C. Ascertainability

An implicit requirement of class certification is that the "class, as proposed, is objectively ascertainable." Brown v. Wells Fargo & Co., 284 F.R.D. 432, 444 (D. Minn. 2012). "At a minimum, the description must be sufficiently definite that it is administratively feasible for the court to determine whether a particular individual is a member." ConocoPhillips, 298 F.R.D. at 581 (citation omitted).

Plaintiffs seek to define the proposed class based on specified geographical boundaries. Defendant objects, arguing that the boundaries as proposed fail to take into account upgradient sources of TCE, and Defendant further argues that the Court cannot determine who is and is not in the putative class based on this definition because the class can only be determined at the conclusion of the proceedings.

The Court concludes that the proposed class is sufficiently ascertainable. The issues flagged by Defendant are issues to be determined after the class is certified. First, the questions of whether upgradient sources contributed to the presence of TCE, and in what amount, do not impact class certification. Plaintiffs present sufficient preliminary evidence that GMI was at least a cause of the TCE groundwater plume as identified, if not a substantial cause.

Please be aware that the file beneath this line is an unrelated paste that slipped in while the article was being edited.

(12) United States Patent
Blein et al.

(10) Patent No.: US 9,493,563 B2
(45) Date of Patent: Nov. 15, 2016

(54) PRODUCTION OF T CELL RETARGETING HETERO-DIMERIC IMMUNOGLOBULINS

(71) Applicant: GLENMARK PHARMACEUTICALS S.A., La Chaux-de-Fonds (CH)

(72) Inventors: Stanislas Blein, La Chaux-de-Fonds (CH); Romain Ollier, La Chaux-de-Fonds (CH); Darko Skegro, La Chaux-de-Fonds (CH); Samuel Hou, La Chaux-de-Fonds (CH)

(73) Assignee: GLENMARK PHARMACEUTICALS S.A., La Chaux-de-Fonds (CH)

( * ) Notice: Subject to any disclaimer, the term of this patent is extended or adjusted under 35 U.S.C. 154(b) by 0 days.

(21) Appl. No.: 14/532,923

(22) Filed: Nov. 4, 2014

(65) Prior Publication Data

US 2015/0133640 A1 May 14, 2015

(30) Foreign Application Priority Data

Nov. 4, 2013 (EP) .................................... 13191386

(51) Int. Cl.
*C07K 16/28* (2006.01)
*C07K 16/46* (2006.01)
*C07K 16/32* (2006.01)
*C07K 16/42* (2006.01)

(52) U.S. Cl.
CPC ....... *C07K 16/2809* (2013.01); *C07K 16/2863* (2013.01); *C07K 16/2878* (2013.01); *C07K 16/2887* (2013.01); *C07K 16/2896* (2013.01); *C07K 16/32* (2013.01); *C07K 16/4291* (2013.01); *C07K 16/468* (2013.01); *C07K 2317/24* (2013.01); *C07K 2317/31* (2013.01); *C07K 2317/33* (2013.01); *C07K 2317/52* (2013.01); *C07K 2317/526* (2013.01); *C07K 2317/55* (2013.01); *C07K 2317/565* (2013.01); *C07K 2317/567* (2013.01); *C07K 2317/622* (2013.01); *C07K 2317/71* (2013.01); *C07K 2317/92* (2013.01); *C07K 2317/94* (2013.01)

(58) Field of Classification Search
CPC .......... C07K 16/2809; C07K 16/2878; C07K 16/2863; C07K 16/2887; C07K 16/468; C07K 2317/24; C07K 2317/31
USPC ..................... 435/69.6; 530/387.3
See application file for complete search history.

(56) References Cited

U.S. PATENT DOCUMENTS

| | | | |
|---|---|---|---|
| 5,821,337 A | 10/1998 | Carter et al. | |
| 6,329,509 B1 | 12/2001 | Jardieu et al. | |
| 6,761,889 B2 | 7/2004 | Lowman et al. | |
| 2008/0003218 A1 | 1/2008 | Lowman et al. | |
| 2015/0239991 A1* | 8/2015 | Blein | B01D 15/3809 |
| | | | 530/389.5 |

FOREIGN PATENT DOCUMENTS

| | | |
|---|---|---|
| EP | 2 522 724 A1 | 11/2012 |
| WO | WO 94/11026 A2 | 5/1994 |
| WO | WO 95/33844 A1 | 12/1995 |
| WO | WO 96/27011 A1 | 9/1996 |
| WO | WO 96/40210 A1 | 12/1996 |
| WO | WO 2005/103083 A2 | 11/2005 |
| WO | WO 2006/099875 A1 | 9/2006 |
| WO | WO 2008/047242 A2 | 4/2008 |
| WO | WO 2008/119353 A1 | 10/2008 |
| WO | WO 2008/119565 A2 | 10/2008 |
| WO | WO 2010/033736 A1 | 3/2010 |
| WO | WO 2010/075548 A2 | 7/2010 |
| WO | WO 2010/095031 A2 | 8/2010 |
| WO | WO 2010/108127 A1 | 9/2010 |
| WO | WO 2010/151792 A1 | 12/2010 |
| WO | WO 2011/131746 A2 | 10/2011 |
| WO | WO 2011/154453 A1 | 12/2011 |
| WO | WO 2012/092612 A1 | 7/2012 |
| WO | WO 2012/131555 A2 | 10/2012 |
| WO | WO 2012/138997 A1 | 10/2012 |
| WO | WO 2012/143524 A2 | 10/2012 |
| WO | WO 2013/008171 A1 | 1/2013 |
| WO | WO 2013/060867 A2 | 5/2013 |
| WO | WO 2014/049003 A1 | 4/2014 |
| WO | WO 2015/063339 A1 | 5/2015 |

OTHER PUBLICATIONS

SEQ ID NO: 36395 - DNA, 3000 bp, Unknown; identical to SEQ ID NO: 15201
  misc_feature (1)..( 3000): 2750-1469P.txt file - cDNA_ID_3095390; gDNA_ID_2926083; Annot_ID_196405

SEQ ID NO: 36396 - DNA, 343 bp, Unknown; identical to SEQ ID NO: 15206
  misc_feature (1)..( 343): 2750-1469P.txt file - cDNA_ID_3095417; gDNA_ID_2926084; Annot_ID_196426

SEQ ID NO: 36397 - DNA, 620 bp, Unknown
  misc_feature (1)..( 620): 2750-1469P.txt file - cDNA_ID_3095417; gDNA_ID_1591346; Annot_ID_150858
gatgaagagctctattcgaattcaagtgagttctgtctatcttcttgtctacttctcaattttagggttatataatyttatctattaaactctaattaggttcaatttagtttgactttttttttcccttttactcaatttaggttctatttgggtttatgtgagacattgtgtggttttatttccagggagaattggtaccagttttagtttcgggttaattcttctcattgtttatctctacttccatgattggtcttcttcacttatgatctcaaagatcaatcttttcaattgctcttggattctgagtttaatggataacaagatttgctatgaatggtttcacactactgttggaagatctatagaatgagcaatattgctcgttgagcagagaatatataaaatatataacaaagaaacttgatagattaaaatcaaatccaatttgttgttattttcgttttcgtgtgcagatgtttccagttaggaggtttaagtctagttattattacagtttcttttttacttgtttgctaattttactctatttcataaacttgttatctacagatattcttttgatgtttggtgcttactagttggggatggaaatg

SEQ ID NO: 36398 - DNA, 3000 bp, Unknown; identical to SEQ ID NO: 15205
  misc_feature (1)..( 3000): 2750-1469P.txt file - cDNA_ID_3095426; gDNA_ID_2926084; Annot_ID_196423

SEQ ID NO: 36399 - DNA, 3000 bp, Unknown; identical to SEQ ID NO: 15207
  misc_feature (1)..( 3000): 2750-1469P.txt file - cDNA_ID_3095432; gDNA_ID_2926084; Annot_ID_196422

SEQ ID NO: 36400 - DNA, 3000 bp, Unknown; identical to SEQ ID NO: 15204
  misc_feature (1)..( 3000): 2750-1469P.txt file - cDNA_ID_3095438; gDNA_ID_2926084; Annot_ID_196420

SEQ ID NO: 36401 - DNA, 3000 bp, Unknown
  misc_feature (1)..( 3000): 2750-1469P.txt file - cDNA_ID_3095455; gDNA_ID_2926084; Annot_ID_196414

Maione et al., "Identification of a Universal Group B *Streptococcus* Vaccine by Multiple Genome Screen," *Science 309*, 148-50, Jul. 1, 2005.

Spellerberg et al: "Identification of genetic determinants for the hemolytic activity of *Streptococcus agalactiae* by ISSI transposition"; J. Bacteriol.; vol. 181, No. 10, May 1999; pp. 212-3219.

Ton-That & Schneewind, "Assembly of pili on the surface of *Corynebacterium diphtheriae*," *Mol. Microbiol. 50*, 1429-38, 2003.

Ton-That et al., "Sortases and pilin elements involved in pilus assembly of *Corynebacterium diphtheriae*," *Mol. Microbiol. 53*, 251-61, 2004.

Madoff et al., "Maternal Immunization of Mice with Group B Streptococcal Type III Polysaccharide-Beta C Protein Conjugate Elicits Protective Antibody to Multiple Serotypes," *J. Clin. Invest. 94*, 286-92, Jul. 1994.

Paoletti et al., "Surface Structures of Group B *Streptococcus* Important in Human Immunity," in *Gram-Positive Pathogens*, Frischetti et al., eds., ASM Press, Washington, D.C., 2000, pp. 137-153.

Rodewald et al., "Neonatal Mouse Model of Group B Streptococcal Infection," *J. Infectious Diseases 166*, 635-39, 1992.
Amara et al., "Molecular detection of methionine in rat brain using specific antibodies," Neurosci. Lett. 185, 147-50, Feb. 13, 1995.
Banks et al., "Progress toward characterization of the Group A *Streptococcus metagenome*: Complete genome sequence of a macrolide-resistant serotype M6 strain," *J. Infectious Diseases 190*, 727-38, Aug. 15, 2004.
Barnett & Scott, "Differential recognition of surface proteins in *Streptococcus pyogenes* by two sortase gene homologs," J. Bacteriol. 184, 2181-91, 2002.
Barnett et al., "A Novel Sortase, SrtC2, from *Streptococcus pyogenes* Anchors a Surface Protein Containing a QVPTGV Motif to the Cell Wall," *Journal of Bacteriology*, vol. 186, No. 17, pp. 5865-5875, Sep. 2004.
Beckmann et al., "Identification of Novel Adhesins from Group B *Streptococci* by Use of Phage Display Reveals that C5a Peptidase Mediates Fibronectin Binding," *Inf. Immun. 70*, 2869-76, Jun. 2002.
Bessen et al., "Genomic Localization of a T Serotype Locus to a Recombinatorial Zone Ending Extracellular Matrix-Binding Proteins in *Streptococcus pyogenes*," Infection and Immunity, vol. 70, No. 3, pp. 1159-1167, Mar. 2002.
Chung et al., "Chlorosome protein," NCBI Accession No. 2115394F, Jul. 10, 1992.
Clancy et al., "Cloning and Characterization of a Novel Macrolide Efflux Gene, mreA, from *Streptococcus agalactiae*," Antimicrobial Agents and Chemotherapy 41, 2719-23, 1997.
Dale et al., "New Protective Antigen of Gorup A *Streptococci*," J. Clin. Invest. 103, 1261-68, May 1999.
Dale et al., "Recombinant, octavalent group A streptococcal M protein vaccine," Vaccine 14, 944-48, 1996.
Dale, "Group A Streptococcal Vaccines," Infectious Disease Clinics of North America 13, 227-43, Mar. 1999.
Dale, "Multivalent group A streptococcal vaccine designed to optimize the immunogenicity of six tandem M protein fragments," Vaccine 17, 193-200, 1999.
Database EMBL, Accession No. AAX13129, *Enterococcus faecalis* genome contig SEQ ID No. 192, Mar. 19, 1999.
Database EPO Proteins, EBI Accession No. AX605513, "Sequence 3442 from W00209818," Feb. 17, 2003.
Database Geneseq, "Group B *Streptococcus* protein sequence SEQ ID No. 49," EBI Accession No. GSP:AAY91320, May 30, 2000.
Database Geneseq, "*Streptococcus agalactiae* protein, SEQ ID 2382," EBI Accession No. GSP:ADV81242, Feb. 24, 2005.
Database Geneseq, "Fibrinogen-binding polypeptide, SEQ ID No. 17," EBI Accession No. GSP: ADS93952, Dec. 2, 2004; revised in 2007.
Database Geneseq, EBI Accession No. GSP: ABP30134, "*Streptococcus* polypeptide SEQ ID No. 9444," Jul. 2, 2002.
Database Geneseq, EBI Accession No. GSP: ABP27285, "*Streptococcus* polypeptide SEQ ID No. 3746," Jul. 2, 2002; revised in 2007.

Second, contrary to Defendant's arguments, a geographical boundary-delineated class does in fact allow the Court to identify the members of the putative class. Plaintiffs present preliminary evidence in the form of expert testimony and a number of other documents reflecting the basis for the proposed geographic boundaries. The boundaries create a list of specific and identifiable potential class members. Thus, Defendant's concerns really relate to how many class members have valid claims and not the class's ascertainability; the number of class members with valid claims is an issue to be determined after the class is certified. See, e.g., Parko v. Shell Oil Co., 739 F.3d 1083, 1085 (7th Cir. 2014) ("To require the district judge to determine whether each of the 150 members of the class has sustained an injury... would make the class certification process unworkable; the process would require, in this case, 150 trials before the class could be certified. The defendants are thus asking us to put the cart before the horse. How many (if any) of the class members have a valid claim is the issue to be determined after the class is certified.) (emphasis in original).[7] Thus, the Court concludes that the class is ascertainable.

D. Rule 23(b) Requirements

1. Rule 23(b)(1)